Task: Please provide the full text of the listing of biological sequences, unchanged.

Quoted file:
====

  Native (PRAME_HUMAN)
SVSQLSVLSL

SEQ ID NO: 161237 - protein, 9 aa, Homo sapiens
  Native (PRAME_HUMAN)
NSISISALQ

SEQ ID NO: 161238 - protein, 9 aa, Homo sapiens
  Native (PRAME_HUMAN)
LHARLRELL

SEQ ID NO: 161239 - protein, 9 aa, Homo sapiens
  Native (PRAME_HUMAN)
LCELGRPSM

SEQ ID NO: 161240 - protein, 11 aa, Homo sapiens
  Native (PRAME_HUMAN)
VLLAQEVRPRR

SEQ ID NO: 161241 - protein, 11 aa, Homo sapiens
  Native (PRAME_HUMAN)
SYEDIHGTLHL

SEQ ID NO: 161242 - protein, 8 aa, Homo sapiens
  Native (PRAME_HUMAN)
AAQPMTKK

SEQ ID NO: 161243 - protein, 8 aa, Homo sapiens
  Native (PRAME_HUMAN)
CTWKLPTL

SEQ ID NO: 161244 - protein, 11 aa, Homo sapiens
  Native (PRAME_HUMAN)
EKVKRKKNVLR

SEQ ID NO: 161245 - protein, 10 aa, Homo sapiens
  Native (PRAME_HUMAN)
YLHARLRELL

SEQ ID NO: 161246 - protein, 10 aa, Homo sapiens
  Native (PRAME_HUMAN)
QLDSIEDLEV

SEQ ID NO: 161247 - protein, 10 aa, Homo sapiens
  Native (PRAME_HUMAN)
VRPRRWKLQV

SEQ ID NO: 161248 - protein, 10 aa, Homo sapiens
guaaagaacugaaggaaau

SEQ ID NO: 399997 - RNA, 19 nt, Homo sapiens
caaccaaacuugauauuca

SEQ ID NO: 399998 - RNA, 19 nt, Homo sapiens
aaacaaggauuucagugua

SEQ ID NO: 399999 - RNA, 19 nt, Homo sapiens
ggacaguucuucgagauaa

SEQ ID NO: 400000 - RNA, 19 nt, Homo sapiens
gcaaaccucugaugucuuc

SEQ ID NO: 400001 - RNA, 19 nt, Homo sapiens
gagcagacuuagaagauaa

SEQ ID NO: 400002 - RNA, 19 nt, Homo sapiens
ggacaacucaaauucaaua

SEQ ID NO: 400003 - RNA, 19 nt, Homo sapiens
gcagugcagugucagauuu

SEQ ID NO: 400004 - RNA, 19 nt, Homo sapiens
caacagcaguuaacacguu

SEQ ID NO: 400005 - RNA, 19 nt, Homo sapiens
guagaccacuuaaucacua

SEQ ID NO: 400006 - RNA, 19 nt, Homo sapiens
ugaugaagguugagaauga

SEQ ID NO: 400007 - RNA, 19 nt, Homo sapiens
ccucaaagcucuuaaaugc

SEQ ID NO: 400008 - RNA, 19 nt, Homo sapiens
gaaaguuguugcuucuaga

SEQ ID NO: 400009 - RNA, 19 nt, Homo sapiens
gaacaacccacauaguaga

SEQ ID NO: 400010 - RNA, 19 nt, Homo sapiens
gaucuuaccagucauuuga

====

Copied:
  Native (PRAME_HUMAN)
SVSQLSVLSL

SEQ ID NO: 161237 - protein, 9 aa, Homo sapiens
  Native (PRAME_HUMAN)
NSISISALQ

SEQ ID NO: 161238 - protein, 9 aa, Homo sapiens
  Native (PRAME_HUMAN)
LHARLRELL

SEQ ID NO: 161239 - protein, 9 aa, Homo sapiens
  Native (PRAME_HUMAN)
LCELGRPSM

SEQ ID NO: 161240 - protein, 11 aa, Homo sapiens
  Native (PRAME_HUMAN)
VLLAQEVRPRR

SEQ ID NO: 161241 - protein, 11 aa, Homo sapiens
  Native (PRAME_HUMAN)
SYEDIHGTLHL

SEQ ID NO: 161242 - protein, 8 aa, Homo sapiens
  Native (PRAME_HUMAN)
AAQPMTKK

SEQ ID NO: 161243 - protein, 8 aa, Homo sapiens
  Native (PRAME_HUMAN)
CTWKLPTL

SEQ ID NO: 161244 - protein, 11 aa, Homo sapiens
  Native (PRAME_HUMAN)
EKVKRKKNVLR

SEQ ID NO: 161245 - protein, 10 aa, Homo sapiens
  Native (PRAME_HUMAN)
YLHARLRELL

SEQ ID NO: 161246 - protein, 10 aa, Homo sapiens
  Native (PRAME_HUMAN)
QLDSIEDLEV

SEQ ID NO: 161247 - protein, 10 aa, Homo sapiens
  Native (PRAME_HUMAN)
VRPRRWKLQV

SEQ ID NO: 161248 - protein, 10 aa, Homo sapiens
guaaagaacugaaggaaau

SEQ ID NO: 399997 - RNA, 19 nt, Homo sapiens
caaccaaacuugauauuca

SEQ ID NO: 399998 - RNA, 19 nt, Homo sapiens
aaacaaggauuucagugua

SEQ ID NO: 399999 - RNA, 19 nt, Homo sapiens
ggacaguucuucgagauaa

SEQ ID NO: 400000 - RNA, 19 nt, Homo sapiens
gcaaaccucugaugucuuc

SEQ ID NO: 400001 - RNA, 19 nt, Homo sapiens
gagcagacuuagaagauaa

SEQ ID NO: 400002 - RNA, 19 nt, Homo sapiens
ggacaacucaaauucaaua

SEQ ID NO: 400003 - RNA, 19 nt, Homo sapiens
gcagugcagugucagauuu

SEQ ID NO: 400004 - RNA, 19 nt, Homo sapiens
caacagcaguuaacacguu

SEQ ID NO: 400005 - RNA, 19 nt, Homo sapiens
guagaccacuuaaucacua

SEQ ID NO: 400006 - RNA, 19 nt, Homo sapiens
ugaugaagguugagaauga

SEQ ID NO: 400007 - RNA, 19 nt, Homo sapiens
ccucaaagcucuuaaaugc

SEQ ID NO: 400008 - RNA, 19 nt, Homo sapiens
gaaaguuguugcuucuaga

SEQ ID NO: 400009 - RNA, 19 nt, Homo sapiens
gaacaacccacauaguaga

SEQ ID NO: 400010 - RNA, 19 nt, Homo sapiens
gaucuuaccagucauuuga